Media boom; 27 new outlets begin operating

KABUL (SW) – In the last year and a half, 27 new media outlets have started to operate in different provinces over the country, according to the Afghanistan National Journalists Union.

Hojatullah Mujadadi, head of this union, says that after the collapse of the republic of Afghanistan, 27 new media outlets, including two visual media, 17 radio stations, five news agencies and two new print media have just started to operate.

According to Mujadadi, after the Islamic Emirate came to power, 28 previously inactive media outlets have reactivated. “After the transformations, the reactivation of media outlets indicates a growing interest in media work. 28 media outlets, including four TV channels, 19 radios, and two print publications, have reactivated.” He told Salam Watandar.

Mujadadi, adds that many women have started working in the media organizations that have just started to operate.

Meanwhile, officials of some nascent media outlets, while considering their activities positive, are calling for financial support from authorities.

Sahar Sirat, head of “Voice of Parwan Radio” which has just started to operate, says that there are 12 individuals working in this radio organization which has been operating for a year. He says: “Our goal since the beginning of our activity is the growth of the media community, and educational programs will be made through the radio for those who were deprived of education, so that they can be taught in this way.”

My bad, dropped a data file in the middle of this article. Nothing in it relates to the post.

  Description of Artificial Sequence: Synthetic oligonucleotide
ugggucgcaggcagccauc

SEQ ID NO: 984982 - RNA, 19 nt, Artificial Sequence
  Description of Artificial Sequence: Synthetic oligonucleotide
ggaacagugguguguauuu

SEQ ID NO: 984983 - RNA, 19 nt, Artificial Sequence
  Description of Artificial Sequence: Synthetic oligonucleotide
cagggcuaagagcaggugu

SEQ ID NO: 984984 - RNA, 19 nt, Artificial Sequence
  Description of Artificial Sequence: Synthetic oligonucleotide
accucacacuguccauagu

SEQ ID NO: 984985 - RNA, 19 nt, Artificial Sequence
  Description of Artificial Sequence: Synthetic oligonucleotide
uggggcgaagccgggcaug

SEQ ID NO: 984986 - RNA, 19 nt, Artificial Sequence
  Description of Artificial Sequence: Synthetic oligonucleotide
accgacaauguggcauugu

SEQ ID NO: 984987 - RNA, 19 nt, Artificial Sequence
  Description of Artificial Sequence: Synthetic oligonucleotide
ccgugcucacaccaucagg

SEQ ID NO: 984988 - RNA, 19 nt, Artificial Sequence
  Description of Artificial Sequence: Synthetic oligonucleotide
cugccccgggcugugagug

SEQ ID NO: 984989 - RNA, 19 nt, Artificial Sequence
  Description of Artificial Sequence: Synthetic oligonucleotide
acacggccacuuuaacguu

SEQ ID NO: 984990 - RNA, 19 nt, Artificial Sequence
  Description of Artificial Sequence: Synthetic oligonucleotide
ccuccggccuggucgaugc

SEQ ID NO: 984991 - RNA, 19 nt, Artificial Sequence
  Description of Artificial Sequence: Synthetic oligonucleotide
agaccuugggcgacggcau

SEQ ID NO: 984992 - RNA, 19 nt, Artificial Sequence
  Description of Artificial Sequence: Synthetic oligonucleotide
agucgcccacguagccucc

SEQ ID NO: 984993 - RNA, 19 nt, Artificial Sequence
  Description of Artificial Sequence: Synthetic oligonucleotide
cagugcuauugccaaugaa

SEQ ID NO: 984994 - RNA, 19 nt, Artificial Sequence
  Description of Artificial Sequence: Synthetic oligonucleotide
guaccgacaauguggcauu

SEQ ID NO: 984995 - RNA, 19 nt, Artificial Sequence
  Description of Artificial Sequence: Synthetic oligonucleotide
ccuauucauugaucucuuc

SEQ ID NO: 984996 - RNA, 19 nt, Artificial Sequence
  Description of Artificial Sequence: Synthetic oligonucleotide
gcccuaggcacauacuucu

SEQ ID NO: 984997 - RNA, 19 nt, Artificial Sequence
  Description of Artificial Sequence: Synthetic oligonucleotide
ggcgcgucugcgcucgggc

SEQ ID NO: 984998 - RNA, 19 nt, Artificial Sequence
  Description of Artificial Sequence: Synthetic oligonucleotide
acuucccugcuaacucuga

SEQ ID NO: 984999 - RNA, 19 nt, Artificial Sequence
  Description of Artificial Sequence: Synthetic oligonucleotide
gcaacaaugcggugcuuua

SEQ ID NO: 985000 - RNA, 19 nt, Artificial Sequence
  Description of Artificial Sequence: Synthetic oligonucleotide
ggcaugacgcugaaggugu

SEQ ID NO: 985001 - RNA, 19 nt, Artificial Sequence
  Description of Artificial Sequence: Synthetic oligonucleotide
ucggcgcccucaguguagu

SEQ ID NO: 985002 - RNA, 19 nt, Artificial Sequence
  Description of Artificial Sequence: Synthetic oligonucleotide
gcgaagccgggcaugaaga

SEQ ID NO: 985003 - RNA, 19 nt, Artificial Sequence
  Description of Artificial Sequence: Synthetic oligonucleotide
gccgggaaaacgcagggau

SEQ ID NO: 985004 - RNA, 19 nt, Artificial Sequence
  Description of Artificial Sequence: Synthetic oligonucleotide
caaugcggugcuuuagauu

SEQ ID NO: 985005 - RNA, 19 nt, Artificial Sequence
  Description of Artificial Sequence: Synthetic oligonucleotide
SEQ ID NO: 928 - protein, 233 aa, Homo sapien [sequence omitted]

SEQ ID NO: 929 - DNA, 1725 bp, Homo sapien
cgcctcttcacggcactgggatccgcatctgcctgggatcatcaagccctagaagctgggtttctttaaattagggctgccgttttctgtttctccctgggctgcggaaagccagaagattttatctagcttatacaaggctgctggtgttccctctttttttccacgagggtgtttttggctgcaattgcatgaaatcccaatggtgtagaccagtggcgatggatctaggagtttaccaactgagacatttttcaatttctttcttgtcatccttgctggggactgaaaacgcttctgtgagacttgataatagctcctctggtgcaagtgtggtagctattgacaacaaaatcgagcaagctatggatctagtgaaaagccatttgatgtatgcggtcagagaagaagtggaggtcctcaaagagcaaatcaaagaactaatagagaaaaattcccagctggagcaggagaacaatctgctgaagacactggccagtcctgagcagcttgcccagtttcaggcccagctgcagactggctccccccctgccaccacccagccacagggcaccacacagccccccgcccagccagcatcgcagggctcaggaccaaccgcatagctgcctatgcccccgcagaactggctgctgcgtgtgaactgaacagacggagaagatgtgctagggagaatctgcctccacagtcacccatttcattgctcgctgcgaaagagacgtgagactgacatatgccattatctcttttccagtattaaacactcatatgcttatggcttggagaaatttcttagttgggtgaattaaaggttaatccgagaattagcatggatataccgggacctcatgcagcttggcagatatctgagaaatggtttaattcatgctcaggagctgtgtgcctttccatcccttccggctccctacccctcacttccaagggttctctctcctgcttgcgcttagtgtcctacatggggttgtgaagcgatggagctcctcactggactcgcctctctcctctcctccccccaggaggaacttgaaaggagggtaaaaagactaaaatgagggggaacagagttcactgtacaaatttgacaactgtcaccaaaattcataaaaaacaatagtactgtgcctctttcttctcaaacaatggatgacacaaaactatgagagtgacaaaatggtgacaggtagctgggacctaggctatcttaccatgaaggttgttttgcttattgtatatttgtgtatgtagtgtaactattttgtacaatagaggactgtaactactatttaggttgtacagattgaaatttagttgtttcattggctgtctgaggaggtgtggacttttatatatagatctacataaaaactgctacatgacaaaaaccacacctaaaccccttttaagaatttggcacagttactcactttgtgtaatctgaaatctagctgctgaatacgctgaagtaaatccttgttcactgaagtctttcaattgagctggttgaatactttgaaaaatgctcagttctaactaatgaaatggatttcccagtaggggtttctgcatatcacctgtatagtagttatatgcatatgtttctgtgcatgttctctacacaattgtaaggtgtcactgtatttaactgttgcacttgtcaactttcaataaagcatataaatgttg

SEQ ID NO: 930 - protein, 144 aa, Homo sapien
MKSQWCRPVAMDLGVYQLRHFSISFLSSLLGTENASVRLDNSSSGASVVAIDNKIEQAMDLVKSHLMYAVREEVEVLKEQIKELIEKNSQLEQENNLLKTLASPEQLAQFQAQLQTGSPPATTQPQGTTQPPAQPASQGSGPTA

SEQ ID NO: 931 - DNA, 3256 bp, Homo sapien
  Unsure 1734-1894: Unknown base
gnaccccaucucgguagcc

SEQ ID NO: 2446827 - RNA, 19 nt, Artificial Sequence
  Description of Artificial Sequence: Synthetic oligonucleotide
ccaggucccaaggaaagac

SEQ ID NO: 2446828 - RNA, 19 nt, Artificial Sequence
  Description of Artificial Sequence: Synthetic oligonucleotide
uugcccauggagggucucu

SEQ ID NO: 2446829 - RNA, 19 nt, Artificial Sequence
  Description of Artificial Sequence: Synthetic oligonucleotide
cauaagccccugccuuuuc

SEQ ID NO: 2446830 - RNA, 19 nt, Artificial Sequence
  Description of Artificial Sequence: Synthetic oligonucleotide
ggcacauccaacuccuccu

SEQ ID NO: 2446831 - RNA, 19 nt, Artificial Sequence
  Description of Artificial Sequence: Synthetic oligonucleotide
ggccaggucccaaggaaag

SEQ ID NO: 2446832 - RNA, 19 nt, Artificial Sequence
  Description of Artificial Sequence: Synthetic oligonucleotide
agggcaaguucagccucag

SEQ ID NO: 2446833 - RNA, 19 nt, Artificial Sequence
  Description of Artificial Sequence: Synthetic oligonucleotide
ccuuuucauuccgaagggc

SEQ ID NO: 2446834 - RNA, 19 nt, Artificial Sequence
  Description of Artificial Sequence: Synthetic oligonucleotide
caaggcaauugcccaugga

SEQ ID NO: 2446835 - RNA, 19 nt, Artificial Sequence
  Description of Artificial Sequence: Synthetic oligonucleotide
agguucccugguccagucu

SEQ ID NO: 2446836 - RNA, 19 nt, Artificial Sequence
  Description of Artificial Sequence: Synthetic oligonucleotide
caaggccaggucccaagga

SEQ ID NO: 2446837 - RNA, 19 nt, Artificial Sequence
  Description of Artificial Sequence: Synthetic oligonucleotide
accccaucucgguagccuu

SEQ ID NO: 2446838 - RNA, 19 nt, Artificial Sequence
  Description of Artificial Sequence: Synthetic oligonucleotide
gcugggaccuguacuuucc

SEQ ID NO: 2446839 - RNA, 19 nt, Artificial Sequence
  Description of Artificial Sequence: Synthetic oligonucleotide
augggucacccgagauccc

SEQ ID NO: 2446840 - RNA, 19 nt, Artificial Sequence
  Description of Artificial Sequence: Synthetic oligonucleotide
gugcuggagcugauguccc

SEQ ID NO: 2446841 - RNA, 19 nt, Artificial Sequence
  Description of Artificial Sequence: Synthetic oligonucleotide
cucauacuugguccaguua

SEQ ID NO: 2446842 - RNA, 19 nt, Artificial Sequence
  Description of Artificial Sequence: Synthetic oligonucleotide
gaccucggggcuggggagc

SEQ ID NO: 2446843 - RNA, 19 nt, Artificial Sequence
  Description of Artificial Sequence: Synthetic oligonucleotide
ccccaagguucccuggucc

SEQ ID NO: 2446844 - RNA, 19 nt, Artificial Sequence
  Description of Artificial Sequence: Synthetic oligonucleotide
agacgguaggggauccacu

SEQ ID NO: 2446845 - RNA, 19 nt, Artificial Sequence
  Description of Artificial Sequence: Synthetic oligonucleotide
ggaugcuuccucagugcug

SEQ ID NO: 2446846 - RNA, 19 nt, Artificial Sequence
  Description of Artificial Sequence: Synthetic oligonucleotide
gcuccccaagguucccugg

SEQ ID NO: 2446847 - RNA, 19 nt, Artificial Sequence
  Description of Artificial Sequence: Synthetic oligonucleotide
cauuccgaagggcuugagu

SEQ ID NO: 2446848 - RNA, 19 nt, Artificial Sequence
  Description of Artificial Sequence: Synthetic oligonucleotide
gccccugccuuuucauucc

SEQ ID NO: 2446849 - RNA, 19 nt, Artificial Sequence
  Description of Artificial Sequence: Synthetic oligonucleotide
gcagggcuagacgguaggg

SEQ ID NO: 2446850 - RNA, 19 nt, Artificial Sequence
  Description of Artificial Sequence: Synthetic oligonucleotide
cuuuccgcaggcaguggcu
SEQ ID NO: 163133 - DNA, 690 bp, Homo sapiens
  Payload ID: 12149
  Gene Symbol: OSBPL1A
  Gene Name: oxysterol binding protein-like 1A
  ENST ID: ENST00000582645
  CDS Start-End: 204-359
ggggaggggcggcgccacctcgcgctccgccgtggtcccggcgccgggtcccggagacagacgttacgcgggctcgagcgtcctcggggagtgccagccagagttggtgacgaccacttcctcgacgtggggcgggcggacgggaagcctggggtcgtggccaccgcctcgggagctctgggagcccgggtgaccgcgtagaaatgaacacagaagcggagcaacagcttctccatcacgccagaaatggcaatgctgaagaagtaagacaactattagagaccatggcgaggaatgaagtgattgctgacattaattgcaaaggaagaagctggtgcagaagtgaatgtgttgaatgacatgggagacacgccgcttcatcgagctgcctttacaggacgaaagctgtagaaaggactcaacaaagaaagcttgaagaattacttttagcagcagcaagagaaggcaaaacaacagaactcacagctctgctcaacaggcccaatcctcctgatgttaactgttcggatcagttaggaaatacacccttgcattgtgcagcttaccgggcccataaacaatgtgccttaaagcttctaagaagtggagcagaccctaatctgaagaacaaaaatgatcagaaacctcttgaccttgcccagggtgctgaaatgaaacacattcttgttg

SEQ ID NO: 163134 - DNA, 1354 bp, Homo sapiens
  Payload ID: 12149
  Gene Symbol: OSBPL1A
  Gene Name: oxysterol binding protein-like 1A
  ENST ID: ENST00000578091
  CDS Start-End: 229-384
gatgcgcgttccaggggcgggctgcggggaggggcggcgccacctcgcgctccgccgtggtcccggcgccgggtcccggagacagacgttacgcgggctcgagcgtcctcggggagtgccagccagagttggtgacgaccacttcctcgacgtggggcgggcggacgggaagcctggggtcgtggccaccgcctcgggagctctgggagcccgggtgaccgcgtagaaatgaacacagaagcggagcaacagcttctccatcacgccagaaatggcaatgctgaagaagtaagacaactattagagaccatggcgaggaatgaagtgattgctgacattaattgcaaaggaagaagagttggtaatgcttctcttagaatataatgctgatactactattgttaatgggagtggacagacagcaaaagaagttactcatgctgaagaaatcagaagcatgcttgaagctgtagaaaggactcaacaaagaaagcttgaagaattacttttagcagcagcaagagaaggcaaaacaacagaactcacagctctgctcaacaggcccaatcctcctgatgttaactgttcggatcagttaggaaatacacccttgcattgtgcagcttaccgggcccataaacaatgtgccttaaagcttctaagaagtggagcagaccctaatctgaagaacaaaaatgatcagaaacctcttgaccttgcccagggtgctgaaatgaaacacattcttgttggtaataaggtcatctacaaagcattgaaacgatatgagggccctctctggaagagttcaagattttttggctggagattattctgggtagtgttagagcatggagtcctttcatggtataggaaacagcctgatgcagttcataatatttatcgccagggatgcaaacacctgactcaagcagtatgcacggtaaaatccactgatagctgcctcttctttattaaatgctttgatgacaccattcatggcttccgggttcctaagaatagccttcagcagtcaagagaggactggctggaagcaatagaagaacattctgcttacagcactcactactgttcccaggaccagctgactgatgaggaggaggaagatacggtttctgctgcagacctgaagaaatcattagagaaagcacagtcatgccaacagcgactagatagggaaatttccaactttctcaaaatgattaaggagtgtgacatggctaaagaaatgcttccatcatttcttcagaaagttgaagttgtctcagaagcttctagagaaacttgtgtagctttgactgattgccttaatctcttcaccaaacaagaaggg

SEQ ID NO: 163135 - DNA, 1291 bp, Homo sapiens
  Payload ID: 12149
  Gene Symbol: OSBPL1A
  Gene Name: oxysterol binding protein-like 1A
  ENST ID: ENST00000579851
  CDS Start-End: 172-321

AhmadShah Khadem, one of the officials of other radio station in Kapisa, says that the continuation of their activities requires the financial support. “Content of this media outlet is primarily educational, news, and cultural. We mainly focus on social issues in this radio. Most of our collaborators are students of Albiruni University, using it as a practical platform for their activities; only five to six individuals are supported financially by us.” He added. Khadem, identifies the main challenge for this media as limited financial resources.

On the other hand, Sediqullah Tawhidi, a media activist and former head of Afghan Journalists Safety Committee, says about the importance of media activities: “In human communities, information is a human and citizen right. The presence of media is essential for human development and administrative reforms that it encourages people towards education and learning; the more diverse the media, the more varied voices are reflected.”

However, Hayatullah Mohajer Farahi, the deputy of publishing affairs of the Ministry of Information and Culture, says that the Islamic Emirate supports the media based on Islamic values, national interests and traditions of Afghan citizens.  He adds: “30 media outlets have started working.  In the media sector, there are radios, print media, and YouTube channels.”

According to the statistics of the Ministry of Information and Culture, currently, 360 media outlets are operating inside Afghanistan, and 1,500 individuals have recently started working in media.